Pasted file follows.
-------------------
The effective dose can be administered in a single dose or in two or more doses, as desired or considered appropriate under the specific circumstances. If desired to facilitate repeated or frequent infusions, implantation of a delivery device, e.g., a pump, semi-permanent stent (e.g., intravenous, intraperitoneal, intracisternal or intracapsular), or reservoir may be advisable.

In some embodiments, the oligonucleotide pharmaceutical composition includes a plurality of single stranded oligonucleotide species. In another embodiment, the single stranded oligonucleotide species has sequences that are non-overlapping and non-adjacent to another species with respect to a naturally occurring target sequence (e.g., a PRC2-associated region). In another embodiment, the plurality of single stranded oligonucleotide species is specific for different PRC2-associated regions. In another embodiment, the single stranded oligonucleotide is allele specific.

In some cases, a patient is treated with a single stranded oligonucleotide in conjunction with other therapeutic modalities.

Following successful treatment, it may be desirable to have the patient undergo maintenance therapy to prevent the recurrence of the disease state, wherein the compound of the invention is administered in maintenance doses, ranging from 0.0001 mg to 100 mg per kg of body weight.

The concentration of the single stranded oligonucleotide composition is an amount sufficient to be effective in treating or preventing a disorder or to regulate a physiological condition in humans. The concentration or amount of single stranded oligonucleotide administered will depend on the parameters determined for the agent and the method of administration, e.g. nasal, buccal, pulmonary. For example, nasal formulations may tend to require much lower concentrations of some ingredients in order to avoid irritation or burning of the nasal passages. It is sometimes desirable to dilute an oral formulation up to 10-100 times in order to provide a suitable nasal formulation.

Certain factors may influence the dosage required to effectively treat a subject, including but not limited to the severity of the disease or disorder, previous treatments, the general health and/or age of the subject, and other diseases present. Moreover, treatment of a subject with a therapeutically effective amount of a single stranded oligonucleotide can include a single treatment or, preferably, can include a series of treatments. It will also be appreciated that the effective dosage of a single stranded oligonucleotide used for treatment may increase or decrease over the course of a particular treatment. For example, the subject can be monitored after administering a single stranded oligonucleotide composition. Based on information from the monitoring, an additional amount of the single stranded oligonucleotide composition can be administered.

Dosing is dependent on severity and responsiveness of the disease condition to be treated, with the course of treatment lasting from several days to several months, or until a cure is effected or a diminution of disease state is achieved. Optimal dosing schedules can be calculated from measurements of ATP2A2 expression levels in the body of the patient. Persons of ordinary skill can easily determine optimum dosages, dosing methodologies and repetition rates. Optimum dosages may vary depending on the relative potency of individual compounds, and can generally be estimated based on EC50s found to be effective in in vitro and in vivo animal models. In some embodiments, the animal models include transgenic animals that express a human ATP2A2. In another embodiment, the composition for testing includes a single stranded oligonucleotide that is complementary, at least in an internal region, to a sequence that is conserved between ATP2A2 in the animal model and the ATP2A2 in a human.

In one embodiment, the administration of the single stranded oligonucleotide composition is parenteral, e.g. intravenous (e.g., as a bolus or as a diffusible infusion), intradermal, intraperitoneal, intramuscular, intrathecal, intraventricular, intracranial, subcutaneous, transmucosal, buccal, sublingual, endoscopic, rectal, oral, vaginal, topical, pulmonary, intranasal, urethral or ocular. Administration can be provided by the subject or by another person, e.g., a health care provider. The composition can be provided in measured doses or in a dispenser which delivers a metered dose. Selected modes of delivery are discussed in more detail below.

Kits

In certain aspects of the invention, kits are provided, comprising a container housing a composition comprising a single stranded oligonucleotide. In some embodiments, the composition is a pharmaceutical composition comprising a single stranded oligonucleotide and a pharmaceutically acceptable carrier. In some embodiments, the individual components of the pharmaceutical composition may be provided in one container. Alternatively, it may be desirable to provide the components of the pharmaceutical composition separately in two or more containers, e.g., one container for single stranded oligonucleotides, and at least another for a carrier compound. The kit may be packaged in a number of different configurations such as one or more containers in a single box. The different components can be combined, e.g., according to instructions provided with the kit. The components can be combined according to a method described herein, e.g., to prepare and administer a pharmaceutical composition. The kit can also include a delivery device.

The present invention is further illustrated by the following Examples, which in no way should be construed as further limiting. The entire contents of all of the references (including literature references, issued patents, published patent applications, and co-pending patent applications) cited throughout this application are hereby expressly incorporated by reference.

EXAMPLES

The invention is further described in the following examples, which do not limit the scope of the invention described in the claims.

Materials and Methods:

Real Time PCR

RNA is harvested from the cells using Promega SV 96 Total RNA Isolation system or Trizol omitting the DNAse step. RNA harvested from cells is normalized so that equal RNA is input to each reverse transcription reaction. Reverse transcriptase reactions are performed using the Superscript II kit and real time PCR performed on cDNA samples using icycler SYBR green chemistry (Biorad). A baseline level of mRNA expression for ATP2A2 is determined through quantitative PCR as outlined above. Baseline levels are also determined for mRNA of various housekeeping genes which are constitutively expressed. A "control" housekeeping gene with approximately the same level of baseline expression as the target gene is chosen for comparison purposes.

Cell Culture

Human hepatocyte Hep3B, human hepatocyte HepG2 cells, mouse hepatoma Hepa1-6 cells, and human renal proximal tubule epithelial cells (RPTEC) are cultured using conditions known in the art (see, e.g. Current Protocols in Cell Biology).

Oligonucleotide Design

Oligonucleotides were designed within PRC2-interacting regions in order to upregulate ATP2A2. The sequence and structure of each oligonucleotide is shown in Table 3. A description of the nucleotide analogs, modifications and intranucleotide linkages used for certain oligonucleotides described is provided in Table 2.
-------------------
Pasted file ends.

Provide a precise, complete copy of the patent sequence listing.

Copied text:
The effective dose can be administered in a single dose or in two or more doses, as desired or considered appropriate under the specific circumstances. If desired to facilitate repeated or frequent infusions, implantation of a delivery device, e.g., a pump, semi-permanent stent (e.g., intravenous, intraperitoneal, intracisternal or intracapsular), or reservoir may be advisable.

In some embodiments, the oligonucleotide pharmaceutical composition includes a plurality of single stranded oligonucleotide species. In another embodiment, the single stranded oligonucleotide species has sequences that are non-overlapping and non-adjacent to another species with respect to a naturally occurring target sequence (e.g., a PRC2-associated region). In another embodiment, the plurality of single stranded oligonucleotide species is specific for different PRC2-associated regions. In another embodiment, the single stranded oligonucleotide is allele specific.

In some cases, a patient is treated with a single stranded oligonucleotide in conjunction with other therapeutic modalities.

Following successful treatment, it may be desirable to have the patient undergo maintenance therapy to prevent the recurrence of the disease state, wherein the compound of the invention is administered in maintenance doses, ranging from 0.0001 mg to 100 mg per kg of body weight.

The concentration of the single stranded oligonucleotide composition is an amount sufficient to be effective in treating or preventing a disorder or to regulate a physiological condition in humans. The concentration or amount of single stranded oligonucleotide administered will depend on the parameters determined for the agent and the method of administration, e.g. nasal, buccal, pulmonary. For example, nasal formulations may tend to require much lower concentrations of some ingredients in order to avoid irritation or burning of the nasal passages. It is sometimes desirable to dilute an oral formulation up to 10-100 times in order to provide a suitable nasal formulation.

Certain factors may influence the dosage required to effectively treat a subject, including but not limited to the severity of the disease or disorder, previous treatments, the general health and/or age of the subject, and other diseases present. Moreover, treatment of a subject with a therapeutically effective amount of a single stranded oligonucleotide can include a single treatment or, preferably, can include a series of treatments. It will also be appreciated that the effective dosage of a single stranded oligonucleotide used for treatment may increase or decrease over the course of a particular treatment. For example, the subject can be monitored after administering a single stranded oligonucleotide composition. Based on information from the monitoring, an additional amount of the single stranded oligonucleotide composition can be administered.

Dosing is dependent on severity and responsiveness of the disease condition to be treated, with the course of treatment lasting from several days to several months, or until a cure is effected or a diminution of disease state is achieved. Optimal dosing schedules can be calculated from measurements of ATP2A2 expression levels in the body of the patient. Persons of ordinary skill can easily determine optimum dosages, dosing methodologies and repetition rates. Optimum dosages may vary depending on the relative potency of individual compounds, and can generally be estimated based on EC50s found to be effective in in vitro and in vivo animal models. In some embodiments, the animal models include transgenic animals that express a human ATP2A2. In another embodiment, the composition for testing includes a single stranded oligonucleotide that is complementary, at least in an internal region, to a sequence that is conserved between ATP2A2 in the animal model and the ATP2A2 in a human.

In one embodiment, the administration of the single stranded oligonucleotide composition is parenteral, e.g. intravenous (e.g., as a bolus or as a diffusible infusion), intradermal, intraperitoneal, intramuscular, intrathecal, intraventricular, intracranial, subcutaneous, transmucosal, buccal, sublingual, endoscopic, rectal, oral, vaginal, topical, pulmonary, intranasal, urethral or ocular. Administration can be provided by the subject or by another person, e.g., a health care provider. The composition can be provided in measured doses or in a dispenser which delivers a metered dose. Selected modes of delivery are discussed in more detail below.

Kits

In certain aspects of the invention, kits are provided, comprising a container housing a composition comprising a single stranded oligonucleotide. In some embodiments, the composition is a pharmaceutical composition comprising a single stranded oligonucleotide and a pharmaceutically acceptable carrier. In some embodiments, the individual components of the pharmaceutical composition may be provided in one container. Alternatively, it may be desirable to provide the components of the pharmaceutical composition separately in two or more containers, e.g., one container for single stranded oligonucleotides, and at least another for a carrier compound. The kit may be packaged in a number of different configurations such as one or more containers in a single box. The different components can be combined, e.g., according to instructions provided with the kit. The components can be combined according to a method described herein, e.g., to prepare and administer a pharmaceutical composition. The kit can also include a delivery device.

The present invention is further illustrated by the following Examples, which in no way should be construed as further limiting. The entire contents of all of the references (including literature references, issued patents, published patent applications, and co-pending patent applications) cited throughout this application are hereby expressly incorporated by reference.

EXAMPLES

The invention is further described in the following examples, which do not limit the scope of the invention described in the claims.

Materials and Methods:

Real Time PCR

RNA is harvested from the cells using Promega SV 96 Total RNA Isolation system or Trizol omitting the DNAse step. RNA harvested from cells is normalized so that equal RNA is input to each reverse transcription reaction. Reverse transcriptase reactions are performed using the Superscript II kit and real time PCR performed on cDNA samples using icycler SYBR green chemistry (Biorad). A baseline level of mRNA expression for ATP2A2 is determined through quantitative PCR as outlined above. Baseline levels are also determined for mRNA of various housekeeping genes which are constitutively expressed. A "control" housekeeping gene with approximately the same level of baseline expression as the target gene is chosen for comparison purposes.

Cell Culture

Human hepatocyte Hep3B, human hepatocyte HepG2 cells, mouse hepatoma Hepa1-6 cells, and human renal proximal tubule epithelial cells (RPTEC) are cultured using conditions known in the art (see, e.g. Current Protocols in Cell Biology).

Oligonucleotide Design

Oligonucleotides were designed within PRC2-interacting regions in order to upregulate ATP2A2. The sequence and structure of each oligonucleotide is shown in Table 3. A description of the nucleotide analogs, modifications and intranucleotide linkages used for certain oligonucleotides described is provided in Table 2.